- Supra - I mean realistically what did Honda have at the time that competed aside from the even more expensive NSX.
- More recently the Celica was pretty fun for an entry level sports compact.

Point being Toyota has made fun cars before and some of them sold quite well. Others..... not so well (MR2). I'm sure they could do it again.
 

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They are different cars for different markets, but for good or bad, the Prius has defined in the marketplace what a "hybrid" is supposed to be. The biggest baggage that the CRZ carries is the word hybrid on it's hatch. As the Prius broadens it's appeal with both larger and smaller versions. And specifically if the smaller version is able to achieve even better fuel economy, the CRZ's hybrid baggage gets even heavier.

I think you might be too optimistic to believe that IMA will add as much as 25% better efficiency to an already very efficient car like the new civic. Based on my experience comparing my real world fuel efficiency between my CRZ and my Fit, I have concluded that the additional efficiency of the IMA is on the order of 8 to 10%. Other things, like light weight, low Cd and low rolling resistance tires are as important to additional fuel efficiency as the IMA iappears to be adding.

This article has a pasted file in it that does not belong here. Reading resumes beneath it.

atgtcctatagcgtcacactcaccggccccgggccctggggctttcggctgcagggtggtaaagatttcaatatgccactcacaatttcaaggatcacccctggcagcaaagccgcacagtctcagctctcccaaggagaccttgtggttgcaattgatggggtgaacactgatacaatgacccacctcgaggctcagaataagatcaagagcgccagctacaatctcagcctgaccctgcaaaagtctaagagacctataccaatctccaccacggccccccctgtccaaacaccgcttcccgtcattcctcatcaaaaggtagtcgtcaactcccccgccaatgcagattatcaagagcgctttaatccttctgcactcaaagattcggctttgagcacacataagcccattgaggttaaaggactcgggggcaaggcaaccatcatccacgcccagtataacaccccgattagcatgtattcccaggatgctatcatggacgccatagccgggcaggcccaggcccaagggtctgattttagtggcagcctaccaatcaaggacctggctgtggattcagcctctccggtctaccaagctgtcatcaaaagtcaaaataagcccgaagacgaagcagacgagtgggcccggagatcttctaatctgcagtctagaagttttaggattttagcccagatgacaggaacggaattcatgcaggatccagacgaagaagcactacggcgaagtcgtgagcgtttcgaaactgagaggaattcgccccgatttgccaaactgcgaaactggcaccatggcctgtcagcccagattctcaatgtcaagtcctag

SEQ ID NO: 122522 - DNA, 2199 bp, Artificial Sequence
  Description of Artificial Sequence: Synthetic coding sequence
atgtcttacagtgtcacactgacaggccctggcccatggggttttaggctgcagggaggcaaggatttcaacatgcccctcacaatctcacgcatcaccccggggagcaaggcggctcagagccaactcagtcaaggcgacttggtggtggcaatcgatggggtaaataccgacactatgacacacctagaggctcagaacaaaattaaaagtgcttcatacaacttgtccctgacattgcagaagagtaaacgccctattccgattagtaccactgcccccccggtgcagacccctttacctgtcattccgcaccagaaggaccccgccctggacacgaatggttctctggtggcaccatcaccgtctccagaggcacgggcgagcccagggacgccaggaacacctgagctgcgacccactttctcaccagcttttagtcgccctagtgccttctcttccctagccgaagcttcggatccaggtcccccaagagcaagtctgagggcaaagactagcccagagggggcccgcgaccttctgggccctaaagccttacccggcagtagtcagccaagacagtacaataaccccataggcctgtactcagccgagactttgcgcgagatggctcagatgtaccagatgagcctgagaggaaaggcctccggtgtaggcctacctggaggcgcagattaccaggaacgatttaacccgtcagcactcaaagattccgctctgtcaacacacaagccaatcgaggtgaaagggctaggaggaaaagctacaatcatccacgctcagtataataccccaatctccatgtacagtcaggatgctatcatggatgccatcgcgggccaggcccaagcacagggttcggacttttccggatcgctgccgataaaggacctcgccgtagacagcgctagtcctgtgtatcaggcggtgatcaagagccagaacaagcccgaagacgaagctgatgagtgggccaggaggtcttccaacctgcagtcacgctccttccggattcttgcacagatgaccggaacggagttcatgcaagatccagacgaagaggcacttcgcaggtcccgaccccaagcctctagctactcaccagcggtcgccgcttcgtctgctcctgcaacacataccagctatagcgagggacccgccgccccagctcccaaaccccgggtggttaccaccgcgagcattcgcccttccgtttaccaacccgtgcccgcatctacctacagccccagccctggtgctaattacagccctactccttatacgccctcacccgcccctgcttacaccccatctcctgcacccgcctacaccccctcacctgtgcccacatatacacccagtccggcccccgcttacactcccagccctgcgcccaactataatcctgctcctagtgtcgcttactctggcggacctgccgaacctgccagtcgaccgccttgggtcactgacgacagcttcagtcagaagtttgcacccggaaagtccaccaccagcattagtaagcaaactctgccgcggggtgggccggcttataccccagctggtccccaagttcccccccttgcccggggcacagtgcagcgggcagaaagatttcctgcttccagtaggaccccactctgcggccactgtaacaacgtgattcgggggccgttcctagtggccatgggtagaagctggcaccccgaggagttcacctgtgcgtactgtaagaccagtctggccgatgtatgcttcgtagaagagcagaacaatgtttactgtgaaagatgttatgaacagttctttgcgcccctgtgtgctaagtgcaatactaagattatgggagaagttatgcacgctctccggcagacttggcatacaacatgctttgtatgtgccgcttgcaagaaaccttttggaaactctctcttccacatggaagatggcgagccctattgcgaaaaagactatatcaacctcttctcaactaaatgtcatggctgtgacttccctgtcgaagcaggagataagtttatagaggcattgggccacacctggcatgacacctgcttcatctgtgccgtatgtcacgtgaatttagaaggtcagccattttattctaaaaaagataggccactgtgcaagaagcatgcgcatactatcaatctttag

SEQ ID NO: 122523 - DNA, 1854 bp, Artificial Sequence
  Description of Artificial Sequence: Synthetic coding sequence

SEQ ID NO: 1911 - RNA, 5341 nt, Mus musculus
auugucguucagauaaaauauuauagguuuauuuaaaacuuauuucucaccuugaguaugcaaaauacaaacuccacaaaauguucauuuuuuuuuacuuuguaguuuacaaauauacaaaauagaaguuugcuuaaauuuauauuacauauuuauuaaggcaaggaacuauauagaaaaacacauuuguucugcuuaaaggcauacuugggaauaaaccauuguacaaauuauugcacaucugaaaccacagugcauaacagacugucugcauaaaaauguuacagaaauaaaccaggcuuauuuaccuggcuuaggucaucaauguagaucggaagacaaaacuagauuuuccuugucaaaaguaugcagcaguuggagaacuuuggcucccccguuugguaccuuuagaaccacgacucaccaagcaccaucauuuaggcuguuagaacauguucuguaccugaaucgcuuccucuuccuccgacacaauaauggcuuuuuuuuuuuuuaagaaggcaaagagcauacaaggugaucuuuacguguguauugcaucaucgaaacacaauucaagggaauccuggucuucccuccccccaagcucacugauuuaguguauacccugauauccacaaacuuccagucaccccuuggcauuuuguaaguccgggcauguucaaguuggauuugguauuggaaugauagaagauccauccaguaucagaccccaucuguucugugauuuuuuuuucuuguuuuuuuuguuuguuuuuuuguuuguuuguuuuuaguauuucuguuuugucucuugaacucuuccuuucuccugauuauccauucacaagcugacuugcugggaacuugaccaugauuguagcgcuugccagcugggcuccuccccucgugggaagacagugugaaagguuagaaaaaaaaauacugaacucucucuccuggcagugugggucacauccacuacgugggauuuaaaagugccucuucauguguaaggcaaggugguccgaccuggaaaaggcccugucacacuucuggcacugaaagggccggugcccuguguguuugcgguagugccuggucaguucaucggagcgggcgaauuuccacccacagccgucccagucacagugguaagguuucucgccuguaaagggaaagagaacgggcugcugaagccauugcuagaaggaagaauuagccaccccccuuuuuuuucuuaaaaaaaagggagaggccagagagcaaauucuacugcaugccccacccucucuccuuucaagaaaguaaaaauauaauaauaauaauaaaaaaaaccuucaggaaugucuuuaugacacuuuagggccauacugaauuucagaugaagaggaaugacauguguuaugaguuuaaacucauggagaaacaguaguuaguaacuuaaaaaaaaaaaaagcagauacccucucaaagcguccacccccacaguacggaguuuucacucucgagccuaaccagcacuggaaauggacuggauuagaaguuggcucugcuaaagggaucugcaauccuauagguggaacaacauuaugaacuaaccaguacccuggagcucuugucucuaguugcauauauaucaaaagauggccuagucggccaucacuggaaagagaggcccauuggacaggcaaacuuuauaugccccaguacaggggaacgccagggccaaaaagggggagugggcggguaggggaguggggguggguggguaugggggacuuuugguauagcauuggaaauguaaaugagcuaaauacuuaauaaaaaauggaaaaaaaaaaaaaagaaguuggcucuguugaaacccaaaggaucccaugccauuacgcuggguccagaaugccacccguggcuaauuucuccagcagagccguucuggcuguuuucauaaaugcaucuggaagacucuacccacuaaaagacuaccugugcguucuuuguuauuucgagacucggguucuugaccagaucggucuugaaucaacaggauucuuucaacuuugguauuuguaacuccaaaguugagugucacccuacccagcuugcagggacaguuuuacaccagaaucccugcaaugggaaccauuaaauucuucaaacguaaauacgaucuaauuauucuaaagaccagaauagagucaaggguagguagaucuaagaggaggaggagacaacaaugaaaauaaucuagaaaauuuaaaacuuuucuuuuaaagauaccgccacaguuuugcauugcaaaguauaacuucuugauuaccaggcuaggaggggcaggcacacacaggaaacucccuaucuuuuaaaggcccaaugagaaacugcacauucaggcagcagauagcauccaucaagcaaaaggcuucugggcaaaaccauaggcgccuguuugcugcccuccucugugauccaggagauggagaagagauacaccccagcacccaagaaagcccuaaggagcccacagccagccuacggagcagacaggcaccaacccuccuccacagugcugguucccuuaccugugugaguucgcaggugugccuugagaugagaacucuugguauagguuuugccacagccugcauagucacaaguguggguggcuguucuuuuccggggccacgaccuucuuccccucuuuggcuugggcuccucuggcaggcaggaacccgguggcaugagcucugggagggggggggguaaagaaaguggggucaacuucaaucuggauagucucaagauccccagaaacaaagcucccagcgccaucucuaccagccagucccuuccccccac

Now if Honda has some new tricks up it's sleeve for an improved IMA, like the LiOn batteries planned for the next Civic hybrid, and perhaps a bigger electric motor, then it could find its way to claim a significant part of the hybrid market. But unless these new tricks come to the CRZ, it's hybrid legacy will continue to hamper it's appeal.
read my response below for the "Prius C" comparison...

to comment on the new Hybrid efficiency... YES, HCH3 gets Li-on batteries and i'm guessing a better IMA to go along with that... and even if they don't the current CR-Z IMA was pushed from it's 56lb-ft to over 70lb-ft with just an upgraded battery... the HCH2 is already at 76lb-ft so adding a more powerful battery i can see the HCH3 having around 85-95lb-ft in production trim meaning even less stress on the gas engine... also Honda can either produce the same size battery as current but of course it would be a lighter the pack b/c it's Li-on and that alone will get more mpg's from an overall lighter curb weight or make it larger to allow for even more juice... either case the battery pack ALONE will help the efficiency increase on the new model... the fact that the 2012 Civic will have a 2.0L engine that still gets 40hwy, which is better than the current 1.8L engine at only 36hwy... knowing the efficiency they got out of a 2.0L engine has me guessing that the new powertrain will not only be larger than the current 1.3L, but also more powerful and FE... the CVT will likely get a simulated 7-gear with a long ratio for added FE... so my guesstimate of "close to, if not, over 50hwy" do not seem too far off...